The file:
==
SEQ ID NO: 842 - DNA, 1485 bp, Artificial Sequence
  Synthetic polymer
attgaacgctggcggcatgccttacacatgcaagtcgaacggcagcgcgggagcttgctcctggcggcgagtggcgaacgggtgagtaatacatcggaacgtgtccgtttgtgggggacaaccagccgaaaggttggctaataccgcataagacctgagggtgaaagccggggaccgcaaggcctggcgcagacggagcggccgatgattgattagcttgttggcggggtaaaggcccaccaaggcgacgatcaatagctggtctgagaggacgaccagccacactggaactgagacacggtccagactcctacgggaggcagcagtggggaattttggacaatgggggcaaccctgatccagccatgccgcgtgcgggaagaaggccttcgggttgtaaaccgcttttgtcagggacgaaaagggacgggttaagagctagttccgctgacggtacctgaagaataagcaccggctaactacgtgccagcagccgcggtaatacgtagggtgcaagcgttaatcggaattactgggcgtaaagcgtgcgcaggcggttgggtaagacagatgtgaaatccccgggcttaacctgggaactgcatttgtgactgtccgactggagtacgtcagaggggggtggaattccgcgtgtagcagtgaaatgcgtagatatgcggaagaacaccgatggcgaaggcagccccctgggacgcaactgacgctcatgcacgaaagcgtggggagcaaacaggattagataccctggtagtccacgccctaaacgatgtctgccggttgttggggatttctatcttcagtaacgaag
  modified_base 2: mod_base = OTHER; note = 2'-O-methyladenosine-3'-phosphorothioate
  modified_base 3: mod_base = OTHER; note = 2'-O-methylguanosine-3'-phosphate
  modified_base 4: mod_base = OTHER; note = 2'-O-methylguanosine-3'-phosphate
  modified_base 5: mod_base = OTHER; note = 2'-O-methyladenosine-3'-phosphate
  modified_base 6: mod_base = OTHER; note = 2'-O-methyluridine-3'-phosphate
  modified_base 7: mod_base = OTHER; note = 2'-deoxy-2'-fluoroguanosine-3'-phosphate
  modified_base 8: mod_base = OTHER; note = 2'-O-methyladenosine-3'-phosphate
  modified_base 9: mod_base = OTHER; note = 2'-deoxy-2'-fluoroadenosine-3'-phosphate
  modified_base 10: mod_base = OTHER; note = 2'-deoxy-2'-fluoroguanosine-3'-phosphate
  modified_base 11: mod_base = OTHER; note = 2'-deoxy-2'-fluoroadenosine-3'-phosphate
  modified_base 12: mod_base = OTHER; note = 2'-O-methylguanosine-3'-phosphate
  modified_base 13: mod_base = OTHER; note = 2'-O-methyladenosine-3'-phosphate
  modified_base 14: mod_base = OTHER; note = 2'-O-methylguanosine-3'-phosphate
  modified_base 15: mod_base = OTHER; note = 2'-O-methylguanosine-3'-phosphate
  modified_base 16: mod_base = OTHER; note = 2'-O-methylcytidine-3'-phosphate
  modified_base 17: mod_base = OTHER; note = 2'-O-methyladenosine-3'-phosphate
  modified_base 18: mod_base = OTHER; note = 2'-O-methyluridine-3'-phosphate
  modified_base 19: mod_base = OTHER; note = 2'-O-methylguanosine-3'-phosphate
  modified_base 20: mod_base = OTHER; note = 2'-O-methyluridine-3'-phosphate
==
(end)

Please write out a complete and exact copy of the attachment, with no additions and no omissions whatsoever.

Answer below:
SEQ ID NO: 842 - DNA, 1485 bp, Artificial Sequence
  Synthetic polymer
attgaacgctggcggcatgccttacacatgcaagtcgaacggcagcgcgggagcttgctcctggcggcgagtggcgaacgggtgagtaatacatcggaacgtgtccgtttgtgggggacaaccagccgaaaggttggctaataccgcataagacctgagggtgaaagccggggaccgcaaggcctggcgcagacggagcggccgatgattgattagcttgttggcggggtaaaggcccaccaaggcgacgatcaatagctggtctgagaggacgaccagccacactggaactgagacacggtccagactcctacgggaggcagcagtggggaattttggacaatgggggcaaccctgatccagccatgccgcgtgcgggaagaaggccttcgggttgtaaaccgcttttgtcagggacgaaaagggacgggttaagagctagttccgctgacggtacctgaagaataagcaccggctaactacgtgccagcagccgcggtaatacgtagggtgcaagcgttaatcggaattactgggcgtaaagcgtgcgcaggcggttgggtaagacagatgtgaaatccccgggcttaacctgggaactgcatttgtgactgtccgactggagtacgtcagaggggggtggaattccgcgtgtagcagtgaaatgcgtagatatgcggaagaacaccgatggcgaaggcagccccctgggacgcaactgacgctcatgcacgaaagcgtggggagcaaacaggattagataccctggtagtccacgccctaaacgatgtctgccggttgttggggatttctatcttcagtaacgaag
  modified_base 2: mod_base = OTHER; note = 2'-O-methyladenosine-3'-phosphorothioate
  modified_base 3: mod_base = OTHER; note = 2'-O-methylguanosine-3'-phosphate
  modified_base 4: mod_base = OTHER; note = 2'-O-methylguanosine-3'-phosphate
  modified_base 5: mod_base = OTHER; note = 2'-O-methyladenosine-3'-phosphate
  modified_base 6: mod_base = OTHER; note = 2'-O-methyluridine-3'-phosphate
  modified_base 7: mod_base = OTHER; note = 2'-deoxy-2'-fluoroguanosine-3'-phosphate
  modified_base 8: mod_base = OTHER; note = 2'-O-methyladenosine-3'-phosphate
  modified_base 9: mod_base = OTHER; note = 2'-deoxy-2'-fluoroadenosine-3'-phosphate
  modified_base 10: mod_base = OTHER; note = 2'-deoxy-2'-fluoroguanosine-3'-phosphate
  modified_base 11: mod_base = OTHER; note = 2'-deoxy-2'-fluoroadenosine-3'-phosphate
  modified_base 12: mod_base = OTHER; note = 2'-O-methylguanosine-3'-phosphate
  modified_base 13: mod_base = OTHER; note = 2'-O-methyladenosine-3'-phosphate
  modified_base 14: mod_base = OTHER; note = 2'-O-methylguanosine-3'-phosphate
  modified_base 15: mod_base = OTHER; note = 2'-O-methylguanosine-3'-phosphate
  modified_base 16: mod_base = OTHER; note = 2'-O-methylcytidine-3'-phosphate
  modified_base 17: mod_base = OTHER; note = 2'-O-methyladenosine-3'-phosphate
  modified_base 18: mod_base = OTHER; note = 2'-O-methyluridine-3'-phosphate
  modified_base 19: mod_base = OTHER; note = 2'-O-methylguanosine-3'-phosphate
  modified_base 20: mod_base = OTHER; note = 2'-O-methyluridine-3'-phosphate